Ron Jenkins, professor of theater and scholar on the life and work of the late Italian artist, Dario Fo, has the pleasure of honoring the legacy of Dario Fo and his wife, Franca Rame.
On Oct. 13 Italian actor/playwright/director/painter/designer/activist/Nobel Laureate Dario Fo died at the age of 90. His wife, Franca Rame a actress/playwright/activist passed away in 2013. Together, they were symbols of hope, as their work, based in satirical theater, served as an inspiration for activist and theater makers around the world. “… Fo’s plays gave voice to his times and continue to live most fully in the moment of performance,” Jenkins states.
Serving as the chief American translator for the written and on-stage performances of Fo and Rame, Jenkins has worked with the couple since the 1980’s and has now become one of the pre-eminent scholars on their work. In an article Jenkins wrote on the life of Dario Fo and his wife, published in the American Theatre, Jenkins highlights Fo’s creative process and the significance it had on the times. He remembers watching Fo create new work by “first making drawings, then putting the drawings into motion, recreating them through gesture while improvising a text for an audience. Only then would he put the script on paper making his words born out of vibrant images and physical actions.” Jenkins job was to capture that raw kinetic energy in his on-stage translations, and he recalls that every time, he was “possessed by his (Fo’s) language, allowing himself to be taken over entirely by the rhythmic drive of his sentences.”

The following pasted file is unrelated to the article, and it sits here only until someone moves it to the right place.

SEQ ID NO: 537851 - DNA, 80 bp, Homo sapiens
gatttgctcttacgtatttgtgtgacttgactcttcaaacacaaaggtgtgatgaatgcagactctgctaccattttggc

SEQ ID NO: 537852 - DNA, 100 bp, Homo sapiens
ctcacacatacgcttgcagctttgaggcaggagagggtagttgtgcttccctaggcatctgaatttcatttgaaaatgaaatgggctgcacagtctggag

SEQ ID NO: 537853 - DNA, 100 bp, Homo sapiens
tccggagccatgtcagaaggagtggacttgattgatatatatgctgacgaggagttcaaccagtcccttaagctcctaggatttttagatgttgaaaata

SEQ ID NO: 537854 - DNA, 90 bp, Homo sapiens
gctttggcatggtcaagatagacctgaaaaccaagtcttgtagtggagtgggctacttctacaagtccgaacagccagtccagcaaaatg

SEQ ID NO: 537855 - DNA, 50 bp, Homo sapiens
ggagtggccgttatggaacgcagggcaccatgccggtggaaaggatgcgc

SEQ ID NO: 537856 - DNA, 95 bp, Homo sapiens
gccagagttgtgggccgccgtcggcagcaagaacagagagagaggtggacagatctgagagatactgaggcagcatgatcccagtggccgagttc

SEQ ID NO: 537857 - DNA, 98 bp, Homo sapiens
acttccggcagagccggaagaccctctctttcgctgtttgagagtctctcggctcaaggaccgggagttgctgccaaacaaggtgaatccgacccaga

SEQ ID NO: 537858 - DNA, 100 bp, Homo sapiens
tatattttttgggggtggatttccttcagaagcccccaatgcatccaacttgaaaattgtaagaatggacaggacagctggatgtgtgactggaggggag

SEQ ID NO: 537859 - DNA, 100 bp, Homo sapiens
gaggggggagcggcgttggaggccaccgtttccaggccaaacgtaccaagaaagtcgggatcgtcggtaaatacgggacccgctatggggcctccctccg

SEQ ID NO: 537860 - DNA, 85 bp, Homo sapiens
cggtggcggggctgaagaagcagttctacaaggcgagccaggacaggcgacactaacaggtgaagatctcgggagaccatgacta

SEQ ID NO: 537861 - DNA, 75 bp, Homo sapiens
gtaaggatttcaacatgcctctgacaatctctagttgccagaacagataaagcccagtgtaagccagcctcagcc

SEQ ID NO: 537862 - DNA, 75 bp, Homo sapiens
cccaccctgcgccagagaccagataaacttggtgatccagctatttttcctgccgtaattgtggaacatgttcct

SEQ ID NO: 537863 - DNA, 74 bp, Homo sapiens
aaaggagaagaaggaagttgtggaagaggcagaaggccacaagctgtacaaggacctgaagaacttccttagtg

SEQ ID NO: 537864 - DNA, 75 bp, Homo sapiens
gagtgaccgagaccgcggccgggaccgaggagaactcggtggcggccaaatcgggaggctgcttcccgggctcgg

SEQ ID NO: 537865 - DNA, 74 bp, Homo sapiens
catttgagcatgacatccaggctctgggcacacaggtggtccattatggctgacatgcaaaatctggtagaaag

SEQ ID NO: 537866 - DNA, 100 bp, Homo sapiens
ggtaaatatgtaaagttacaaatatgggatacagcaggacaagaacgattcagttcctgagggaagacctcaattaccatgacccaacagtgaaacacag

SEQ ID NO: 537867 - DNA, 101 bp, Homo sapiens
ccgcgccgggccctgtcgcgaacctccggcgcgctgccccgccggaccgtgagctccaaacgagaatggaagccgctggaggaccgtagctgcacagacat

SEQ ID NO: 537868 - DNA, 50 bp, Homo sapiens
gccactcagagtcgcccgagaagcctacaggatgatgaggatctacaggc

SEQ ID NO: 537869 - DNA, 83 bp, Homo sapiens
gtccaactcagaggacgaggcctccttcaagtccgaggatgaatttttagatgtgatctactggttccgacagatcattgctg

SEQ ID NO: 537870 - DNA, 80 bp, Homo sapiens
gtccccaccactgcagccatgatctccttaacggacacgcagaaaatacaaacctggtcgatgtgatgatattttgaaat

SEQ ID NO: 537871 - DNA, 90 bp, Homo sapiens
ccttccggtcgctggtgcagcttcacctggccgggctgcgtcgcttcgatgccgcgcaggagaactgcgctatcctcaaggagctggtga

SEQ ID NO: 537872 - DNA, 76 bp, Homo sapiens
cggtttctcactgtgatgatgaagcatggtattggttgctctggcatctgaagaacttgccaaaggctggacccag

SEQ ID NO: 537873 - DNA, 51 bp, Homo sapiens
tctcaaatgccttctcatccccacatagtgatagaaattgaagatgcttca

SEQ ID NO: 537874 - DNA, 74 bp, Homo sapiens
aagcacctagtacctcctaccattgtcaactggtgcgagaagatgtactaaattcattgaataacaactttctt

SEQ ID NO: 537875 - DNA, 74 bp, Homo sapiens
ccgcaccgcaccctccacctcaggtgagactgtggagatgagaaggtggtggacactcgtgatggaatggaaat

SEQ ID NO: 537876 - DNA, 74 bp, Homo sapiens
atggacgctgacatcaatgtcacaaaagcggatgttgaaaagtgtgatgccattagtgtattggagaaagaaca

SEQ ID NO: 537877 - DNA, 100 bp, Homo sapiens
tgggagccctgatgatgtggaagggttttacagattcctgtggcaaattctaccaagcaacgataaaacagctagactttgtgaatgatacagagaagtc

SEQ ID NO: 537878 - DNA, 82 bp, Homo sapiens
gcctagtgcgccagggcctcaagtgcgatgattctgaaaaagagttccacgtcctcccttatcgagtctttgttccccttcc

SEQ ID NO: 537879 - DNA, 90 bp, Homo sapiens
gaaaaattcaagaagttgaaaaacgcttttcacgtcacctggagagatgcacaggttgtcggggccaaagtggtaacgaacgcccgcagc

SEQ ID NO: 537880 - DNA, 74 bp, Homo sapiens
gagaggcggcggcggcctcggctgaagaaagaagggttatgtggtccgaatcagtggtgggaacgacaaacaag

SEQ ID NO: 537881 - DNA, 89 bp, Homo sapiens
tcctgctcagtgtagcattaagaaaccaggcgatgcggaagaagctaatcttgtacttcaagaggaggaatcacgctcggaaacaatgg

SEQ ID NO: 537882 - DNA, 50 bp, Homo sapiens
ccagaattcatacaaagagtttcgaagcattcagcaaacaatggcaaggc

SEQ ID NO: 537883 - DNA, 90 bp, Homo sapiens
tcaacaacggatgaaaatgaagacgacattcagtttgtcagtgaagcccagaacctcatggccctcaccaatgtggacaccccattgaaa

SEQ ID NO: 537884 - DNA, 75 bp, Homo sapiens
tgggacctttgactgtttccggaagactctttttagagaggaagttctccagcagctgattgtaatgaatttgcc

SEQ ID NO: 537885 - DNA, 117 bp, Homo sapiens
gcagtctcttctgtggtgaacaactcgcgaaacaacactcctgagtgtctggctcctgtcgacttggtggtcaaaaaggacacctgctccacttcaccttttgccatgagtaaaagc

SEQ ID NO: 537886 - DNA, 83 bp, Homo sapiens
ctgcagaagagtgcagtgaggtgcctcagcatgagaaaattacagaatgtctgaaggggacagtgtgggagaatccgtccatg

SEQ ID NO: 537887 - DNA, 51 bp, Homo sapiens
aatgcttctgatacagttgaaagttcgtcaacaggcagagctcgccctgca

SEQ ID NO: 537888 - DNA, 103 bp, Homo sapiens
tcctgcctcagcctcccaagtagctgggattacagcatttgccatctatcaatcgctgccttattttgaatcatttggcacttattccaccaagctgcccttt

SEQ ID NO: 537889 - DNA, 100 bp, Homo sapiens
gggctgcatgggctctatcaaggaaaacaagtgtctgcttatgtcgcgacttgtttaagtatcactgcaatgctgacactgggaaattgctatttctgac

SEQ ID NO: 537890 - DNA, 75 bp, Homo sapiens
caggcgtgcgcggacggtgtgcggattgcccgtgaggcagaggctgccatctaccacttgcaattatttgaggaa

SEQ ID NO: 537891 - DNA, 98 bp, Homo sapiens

This also was a topic of conversation in Middletown’s effort to commemorate Fo’s legacy. Jenkins was a guest speaker at “The Politics of Laughter: A Tribute to Dario Fo and Franca Rame,” held at the Buttonwood Tree in Middletown on Dec. 8.